AMSTERDAM (Al Jazeera) – Thousands of farmers have gathered in the central Netherlands to protest against the Dutch government’s plans to rein in emissions of nitrogen oxide and ammonia, driving their tractors across the Netherlands and snarling traffic on major highways.
Wednesday’s protest was organized earlier this month after the government published nationwide targets for reducing emissions, sparking anger from farmers who claim their livelihoods – and those of thousands of people who work in the agricultural service industry – are on the line.
Calling it an “unavoidable transition”, the government mandated reductions in emissions of up to 70 percent in many places close to protected nature areas and as high as 95 percent in other places.
The government has been forced to act after courts in recent years began blocking permits for infrastructure and housing projects because the country was missing its emissions targets.
By early afternoon, many protesting farmers had arrived at a green field in the small agricultural village of Stroe, about 70km (45 miles) east of the capital, Amsterdam, where a stage was set up for speakers to address the crowd and music blared out of speakers while children bounced in a giant inflatable pig.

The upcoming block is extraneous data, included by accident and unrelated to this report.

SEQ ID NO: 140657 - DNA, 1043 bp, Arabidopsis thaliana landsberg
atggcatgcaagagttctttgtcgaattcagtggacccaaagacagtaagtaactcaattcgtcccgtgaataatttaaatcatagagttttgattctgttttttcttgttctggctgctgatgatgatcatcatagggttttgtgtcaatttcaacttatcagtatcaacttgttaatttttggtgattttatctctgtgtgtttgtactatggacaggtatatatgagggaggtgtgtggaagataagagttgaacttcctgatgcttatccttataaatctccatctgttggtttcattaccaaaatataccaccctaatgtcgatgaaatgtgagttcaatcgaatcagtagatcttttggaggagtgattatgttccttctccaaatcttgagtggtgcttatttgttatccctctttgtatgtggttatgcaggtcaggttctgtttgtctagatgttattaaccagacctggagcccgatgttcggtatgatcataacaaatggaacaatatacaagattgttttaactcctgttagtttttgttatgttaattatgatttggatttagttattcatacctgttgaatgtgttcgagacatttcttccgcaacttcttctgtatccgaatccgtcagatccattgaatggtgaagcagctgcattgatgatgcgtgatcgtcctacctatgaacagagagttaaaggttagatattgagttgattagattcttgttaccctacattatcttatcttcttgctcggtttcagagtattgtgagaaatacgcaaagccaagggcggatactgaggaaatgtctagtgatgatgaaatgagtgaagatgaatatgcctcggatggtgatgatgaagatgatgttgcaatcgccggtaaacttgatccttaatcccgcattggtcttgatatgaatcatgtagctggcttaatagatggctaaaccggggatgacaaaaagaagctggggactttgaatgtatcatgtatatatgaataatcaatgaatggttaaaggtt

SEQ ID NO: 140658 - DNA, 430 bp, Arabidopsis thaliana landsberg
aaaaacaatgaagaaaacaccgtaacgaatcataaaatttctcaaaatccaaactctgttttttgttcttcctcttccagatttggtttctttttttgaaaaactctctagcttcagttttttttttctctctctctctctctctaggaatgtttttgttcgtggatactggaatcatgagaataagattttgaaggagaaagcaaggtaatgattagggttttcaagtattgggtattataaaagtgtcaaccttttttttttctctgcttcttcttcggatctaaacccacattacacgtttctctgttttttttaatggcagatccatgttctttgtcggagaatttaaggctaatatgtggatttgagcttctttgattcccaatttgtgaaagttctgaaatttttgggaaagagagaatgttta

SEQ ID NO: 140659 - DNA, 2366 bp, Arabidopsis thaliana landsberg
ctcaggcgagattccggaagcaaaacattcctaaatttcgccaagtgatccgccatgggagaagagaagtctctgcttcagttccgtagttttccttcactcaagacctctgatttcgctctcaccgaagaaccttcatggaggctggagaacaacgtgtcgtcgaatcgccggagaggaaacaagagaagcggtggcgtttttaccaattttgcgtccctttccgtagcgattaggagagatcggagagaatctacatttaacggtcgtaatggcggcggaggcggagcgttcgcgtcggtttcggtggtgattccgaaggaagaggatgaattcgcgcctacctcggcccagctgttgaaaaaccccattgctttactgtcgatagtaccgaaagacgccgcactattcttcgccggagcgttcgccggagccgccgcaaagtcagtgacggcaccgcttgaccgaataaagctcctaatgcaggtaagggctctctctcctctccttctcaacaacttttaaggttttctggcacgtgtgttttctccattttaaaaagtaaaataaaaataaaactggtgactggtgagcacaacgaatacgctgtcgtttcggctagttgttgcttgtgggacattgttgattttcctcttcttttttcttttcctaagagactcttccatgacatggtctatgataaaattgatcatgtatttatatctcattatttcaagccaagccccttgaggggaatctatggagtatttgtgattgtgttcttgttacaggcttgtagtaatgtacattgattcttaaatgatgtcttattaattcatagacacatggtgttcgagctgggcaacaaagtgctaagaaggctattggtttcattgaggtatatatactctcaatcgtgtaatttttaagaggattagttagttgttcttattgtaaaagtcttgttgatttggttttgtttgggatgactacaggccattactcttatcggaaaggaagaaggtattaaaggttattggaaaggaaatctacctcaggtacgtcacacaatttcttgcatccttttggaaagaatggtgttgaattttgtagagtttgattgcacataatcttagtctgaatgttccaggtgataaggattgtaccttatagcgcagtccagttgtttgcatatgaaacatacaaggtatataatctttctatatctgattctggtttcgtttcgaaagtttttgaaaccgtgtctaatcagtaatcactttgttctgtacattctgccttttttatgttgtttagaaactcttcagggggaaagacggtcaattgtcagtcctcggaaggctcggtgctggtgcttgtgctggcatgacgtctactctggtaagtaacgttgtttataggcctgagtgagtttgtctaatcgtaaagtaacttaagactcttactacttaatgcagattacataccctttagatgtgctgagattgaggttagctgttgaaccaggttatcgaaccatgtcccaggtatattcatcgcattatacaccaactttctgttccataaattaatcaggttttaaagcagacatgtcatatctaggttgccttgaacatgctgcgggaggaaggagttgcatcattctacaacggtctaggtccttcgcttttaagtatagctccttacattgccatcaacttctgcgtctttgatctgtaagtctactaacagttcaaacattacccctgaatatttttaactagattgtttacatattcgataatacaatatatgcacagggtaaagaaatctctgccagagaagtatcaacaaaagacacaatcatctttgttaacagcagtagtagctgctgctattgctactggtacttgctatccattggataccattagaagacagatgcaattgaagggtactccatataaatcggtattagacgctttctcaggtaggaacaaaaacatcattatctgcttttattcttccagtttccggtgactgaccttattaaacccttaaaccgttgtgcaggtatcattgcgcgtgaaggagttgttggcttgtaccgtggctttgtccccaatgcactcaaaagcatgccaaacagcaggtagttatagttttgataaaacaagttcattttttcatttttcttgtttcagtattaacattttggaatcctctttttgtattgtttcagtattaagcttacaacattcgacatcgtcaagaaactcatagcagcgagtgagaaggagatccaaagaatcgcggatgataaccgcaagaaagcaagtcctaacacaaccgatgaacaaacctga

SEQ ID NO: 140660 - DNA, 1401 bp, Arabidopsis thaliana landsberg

Farmers hooted their tractors’ horns as they drove onto the field, where a banner on a truck read, in Dutch: “What The Hague chooses is deeply sad for the farmer”, a reference to lawmakers in the city that houses the Netherlands’ parliament.
Another banner on a tractor said: “We can no longer be stopped.”
The national infrastructure authority urged motorists to delay travel as slow-moving convoys of tractors defied appeals not to use highways as they drove towards the demonstration.
In The Hague, a few dozen farmers and their supporters, some wearing T-shirts with the text “No farmers, no food”, gathered for a breakfast on Wednesday morning before heading to the protest.
“This is where the rules are made,” said dairy farmer Jaap Zegwaard, who parked his tractor on the edge of a park in the city. “I was asked to come here and provide breakfast so we can show we are food producers, not pollution producers.”
The ruling coalition has earmarked an extra 24.3 billion euros ($25.6bn) to finance changes that will likely make many farmers drastically reduce their number of livestock or get rid of them altogether.